Many readers are interested in the following topic: How to treat and prevent scalp acne. We are happy to note, that our authors have already studied the modern research about the topic you are interested in. Based on the information provided in the latest medical digests, modern research and surveys, we provide extensive answer. Keep reading to find out more.
American Family Physician: “Diagnosis and Treatment of Acne.”
What to Know About Scalp Acne
Scalp pimples are very common, but making a few adjustments to your hair routine can usually clear it up.
What Causes Scalp Pimples?
Scalp acne is when pimples and breakouts happen on your scalp or hairline. Acne can be a complex skin condition, but it generally happens because of four processes:
- An increase of sebum, or oil, production
- A buildup of dead skin cells and dirt in your hair follicle
- Inflammation in the blocked hair follicle
- An increase in acne bacteria
Your scalp is full of hair follicles and oil glands. If the follicle or pore becomes clogged with dirt and oil, this can lead to acne. You can still get scalp acne even if you have good hygiene, but sweat, oil, and dirt buildup from improper or incomplete washing can lead to clogged pores.
However, you may need to reexamine your hair care routine. Lots of scalp pimples are caused by shampoo, styling gel, and hairsprays that leave residues on your scalp and also clog your pores.
Scalp acne caused by hair products is so common that it has its own medical name: acne cosmetica.
Hormones can also cause acne. Androgen hormones, especially testosterone, cause your body to make more oil. The increase of hormones during puberty is often responsible for acne, but adults can have hormonal acne too.
Genetics will affect your skin. If you have an immediate family member who has acne, you’re more likely to have it too.
Types of Scalp Acne
Acne is usually graded by severity and by the type of pimples you have, which might change your treatment.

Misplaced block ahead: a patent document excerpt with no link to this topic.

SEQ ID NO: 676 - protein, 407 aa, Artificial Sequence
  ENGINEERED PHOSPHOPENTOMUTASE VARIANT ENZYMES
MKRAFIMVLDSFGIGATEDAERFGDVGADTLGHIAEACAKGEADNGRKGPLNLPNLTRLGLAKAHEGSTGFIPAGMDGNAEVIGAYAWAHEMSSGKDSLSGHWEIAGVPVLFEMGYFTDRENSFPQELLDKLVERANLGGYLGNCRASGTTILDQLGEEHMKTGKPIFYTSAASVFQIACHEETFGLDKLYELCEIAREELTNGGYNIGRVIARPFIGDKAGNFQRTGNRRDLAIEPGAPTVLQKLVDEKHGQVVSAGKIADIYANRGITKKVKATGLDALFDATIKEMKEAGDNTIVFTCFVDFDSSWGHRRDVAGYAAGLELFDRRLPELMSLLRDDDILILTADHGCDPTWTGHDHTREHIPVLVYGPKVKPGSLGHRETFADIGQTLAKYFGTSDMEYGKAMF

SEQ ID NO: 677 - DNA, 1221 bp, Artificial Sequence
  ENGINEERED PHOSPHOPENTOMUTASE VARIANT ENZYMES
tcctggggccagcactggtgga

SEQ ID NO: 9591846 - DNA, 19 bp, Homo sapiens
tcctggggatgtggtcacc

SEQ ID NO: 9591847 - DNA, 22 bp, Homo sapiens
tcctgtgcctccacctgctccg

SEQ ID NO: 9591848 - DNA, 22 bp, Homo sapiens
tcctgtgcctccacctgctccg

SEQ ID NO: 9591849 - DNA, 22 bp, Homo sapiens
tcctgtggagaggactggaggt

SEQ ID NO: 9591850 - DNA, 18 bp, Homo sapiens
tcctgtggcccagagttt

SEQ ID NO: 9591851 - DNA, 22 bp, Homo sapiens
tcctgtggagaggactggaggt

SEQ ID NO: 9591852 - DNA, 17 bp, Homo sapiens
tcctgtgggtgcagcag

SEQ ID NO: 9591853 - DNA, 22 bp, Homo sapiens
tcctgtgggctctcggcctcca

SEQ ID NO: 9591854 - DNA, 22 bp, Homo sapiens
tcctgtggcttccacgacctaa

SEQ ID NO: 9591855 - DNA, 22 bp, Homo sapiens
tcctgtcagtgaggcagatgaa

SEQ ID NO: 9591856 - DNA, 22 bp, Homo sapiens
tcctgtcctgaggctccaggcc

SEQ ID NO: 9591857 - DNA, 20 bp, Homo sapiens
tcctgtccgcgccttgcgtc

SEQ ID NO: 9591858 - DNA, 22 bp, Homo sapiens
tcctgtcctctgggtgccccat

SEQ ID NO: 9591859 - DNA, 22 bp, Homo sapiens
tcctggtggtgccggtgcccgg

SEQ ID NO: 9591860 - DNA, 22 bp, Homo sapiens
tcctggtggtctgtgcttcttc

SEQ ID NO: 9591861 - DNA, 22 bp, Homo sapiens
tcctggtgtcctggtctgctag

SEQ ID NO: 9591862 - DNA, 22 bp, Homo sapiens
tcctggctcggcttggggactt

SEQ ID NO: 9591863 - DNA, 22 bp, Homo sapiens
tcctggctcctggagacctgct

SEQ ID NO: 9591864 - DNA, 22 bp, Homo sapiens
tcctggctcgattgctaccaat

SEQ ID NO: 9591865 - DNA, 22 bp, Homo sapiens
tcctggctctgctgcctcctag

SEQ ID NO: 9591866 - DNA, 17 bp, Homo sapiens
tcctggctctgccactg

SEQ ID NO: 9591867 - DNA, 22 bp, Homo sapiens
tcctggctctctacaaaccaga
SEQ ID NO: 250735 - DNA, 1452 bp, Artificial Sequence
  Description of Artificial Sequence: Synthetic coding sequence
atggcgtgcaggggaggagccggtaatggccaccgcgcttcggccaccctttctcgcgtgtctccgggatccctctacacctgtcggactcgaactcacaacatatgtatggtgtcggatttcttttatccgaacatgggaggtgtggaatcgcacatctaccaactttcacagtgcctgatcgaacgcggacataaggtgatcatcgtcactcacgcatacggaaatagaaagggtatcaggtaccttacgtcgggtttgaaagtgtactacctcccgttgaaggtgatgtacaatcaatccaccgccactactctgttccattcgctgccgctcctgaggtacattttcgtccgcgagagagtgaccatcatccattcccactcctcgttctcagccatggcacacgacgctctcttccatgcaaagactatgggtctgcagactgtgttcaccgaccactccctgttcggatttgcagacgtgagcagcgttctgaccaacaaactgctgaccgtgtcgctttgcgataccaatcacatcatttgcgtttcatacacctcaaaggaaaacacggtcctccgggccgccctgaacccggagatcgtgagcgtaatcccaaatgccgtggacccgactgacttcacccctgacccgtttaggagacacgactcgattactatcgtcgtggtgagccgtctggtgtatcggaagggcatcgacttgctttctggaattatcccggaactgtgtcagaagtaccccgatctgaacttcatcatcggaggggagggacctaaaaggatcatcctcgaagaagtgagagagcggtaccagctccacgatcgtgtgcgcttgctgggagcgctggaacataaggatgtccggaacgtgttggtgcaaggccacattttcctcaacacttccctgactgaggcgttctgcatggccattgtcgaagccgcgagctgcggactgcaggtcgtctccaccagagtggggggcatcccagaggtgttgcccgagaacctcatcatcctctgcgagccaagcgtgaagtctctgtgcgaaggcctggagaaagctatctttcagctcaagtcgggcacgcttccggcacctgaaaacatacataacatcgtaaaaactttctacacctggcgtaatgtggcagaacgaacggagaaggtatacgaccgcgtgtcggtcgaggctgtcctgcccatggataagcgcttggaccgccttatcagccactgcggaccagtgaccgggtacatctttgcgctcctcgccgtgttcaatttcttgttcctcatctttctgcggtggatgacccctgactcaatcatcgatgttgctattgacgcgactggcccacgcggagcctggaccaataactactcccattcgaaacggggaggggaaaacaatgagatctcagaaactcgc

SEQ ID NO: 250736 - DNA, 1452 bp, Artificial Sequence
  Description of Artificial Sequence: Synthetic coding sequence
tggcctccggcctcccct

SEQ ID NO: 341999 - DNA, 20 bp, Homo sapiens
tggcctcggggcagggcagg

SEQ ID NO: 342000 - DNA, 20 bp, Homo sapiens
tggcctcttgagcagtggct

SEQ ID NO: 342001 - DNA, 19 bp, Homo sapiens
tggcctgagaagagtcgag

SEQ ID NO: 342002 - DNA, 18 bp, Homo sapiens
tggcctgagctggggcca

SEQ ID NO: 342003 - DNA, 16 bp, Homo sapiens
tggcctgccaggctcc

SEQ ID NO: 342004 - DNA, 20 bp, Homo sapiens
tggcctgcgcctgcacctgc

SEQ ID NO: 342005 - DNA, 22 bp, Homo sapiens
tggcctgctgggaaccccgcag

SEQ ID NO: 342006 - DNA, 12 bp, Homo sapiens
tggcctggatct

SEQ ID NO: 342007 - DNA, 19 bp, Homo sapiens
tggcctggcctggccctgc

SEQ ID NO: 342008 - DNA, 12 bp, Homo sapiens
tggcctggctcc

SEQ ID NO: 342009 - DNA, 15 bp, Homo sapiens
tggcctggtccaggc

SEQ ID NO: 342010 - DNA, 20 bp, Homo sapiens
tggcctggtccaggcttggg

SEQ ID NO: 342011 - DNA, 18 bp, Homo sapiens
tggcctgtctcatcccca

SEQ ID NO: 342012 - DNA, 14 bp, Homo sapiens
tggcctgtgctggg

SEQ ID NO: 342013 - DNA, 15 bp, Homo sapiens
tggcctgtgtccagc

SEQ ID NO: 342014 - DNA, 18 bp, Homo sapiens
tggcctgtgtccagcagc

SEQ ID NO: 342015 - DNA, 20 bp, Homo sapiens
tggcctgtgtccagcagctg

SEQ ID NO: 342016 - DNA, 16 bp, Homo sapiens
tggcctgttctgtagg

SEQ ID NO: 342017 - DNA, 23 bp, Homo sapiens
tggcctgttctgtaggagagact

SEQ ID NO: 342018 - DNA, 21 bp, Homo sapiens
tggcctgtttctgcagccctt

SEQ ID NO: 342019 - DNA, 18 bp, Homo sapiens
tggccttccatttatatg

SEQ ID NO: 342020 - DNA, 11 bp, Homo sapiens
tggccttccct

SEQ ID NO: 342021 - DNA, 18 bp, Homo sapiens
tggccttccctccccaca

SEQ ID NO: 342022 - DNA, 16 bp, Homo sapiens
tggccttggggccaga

Types of acne severity include:
Types of pimples include:
- Blackheads, called open comedones
- Whiteheads, called closed comedones
- Papules, or inflamed bumps
- Pustules, or bumps filled with pus
- Nodules or cysts, which are painful pimples deep in your skin
- Mixed, which is a combination of types
Sometimes you can get severe forms of acne that can affect your scalp called acne conglobata and acne fulminans. These are very uncommon.
Symptoms of Scalp Acne
Scalp acne can appear throughout your hair or along your hairline. Common symptoms include:
- Tiny bumps along your forehead or the back of your neck.
- Tiny bumps you can feel but can’t see.
- Tiny bumps packed together that you can see.
- Whiteheads on your scalp or hairline.
- Flesh-colored bumps on your scalp or hairline.
- Painful bumps on your scalp.
- Deep cysts under your skin with no head.
Sometimes acne affects your emotions and self-esteem. It’s common for people to feel embarrassed and even depressed because of acne.
Scalp Acne Treatment
If your scalp acne is caused by your shampoo or other cosmetics, it will go away on its own when you stop using them. It can take up to 6 weeks to see improvement, but the first thing to do is to change your hair routine and products.
Switch to shampoo, conditioner, hair spray, and products that don’t contain oil. The label should say things like:
- Oil free
- Won’t clog pores
Keeping the dirt, oil, and sweat off your scalp will help keep your pores clean. You might need to wash your hair more often, especially if you:
- Have oily hair
- Use a lot of products in your hair
- Sweat a lot in the day
- Have dirt or grime in your hair from the day
To wash your hair, focus on the scalp. The hair on your head is dead, and while your hair products can help keep your hair shiny and healthy-looking, it’s actually more important to wash dirt and oil from your scalp.
It’s also important to make sure you fully rinse all the extra shampoo and conditioner off your scalp and face. The pimples along your hairline might be caused by buildup from improper rinsing.
The product residue can also transfer to whatever touches your hair, which can add to the problem. Make sure to wash everything that touches your head, including:
Scalp Acne Shampoo
If thorough rinsing doesn’t help, you may be able to manage scalp acne by changing to products that are oil-free and antibacterial. Also look for:
- Anti-dandruff shampoo that contains selenium sulfide or zinc pyrithione
- Antifungal shampoo that contains ciclopirox or ketoconazole
- Salicylic acid shampoo
- Sulfur shampoo
Other Treatments for Scalp Acne
If topical remedies don’t ease your scalp acne symptoms, you might need other treatments. These can include:
- Photodynamic therapy
- Drainage for complicated cystic scalp acne
Outlook for Scalp Acne
Lots of times scalp pimples are from shampoo or other products. Just making a switch to your hair routine can get rid of the problem without any other treatment. Other times, scalp acne is a bit more complicated and needs other treatment. The outlook for scalp acne is good, but if it doesn’t get better with some of these changes, talk to your doctor.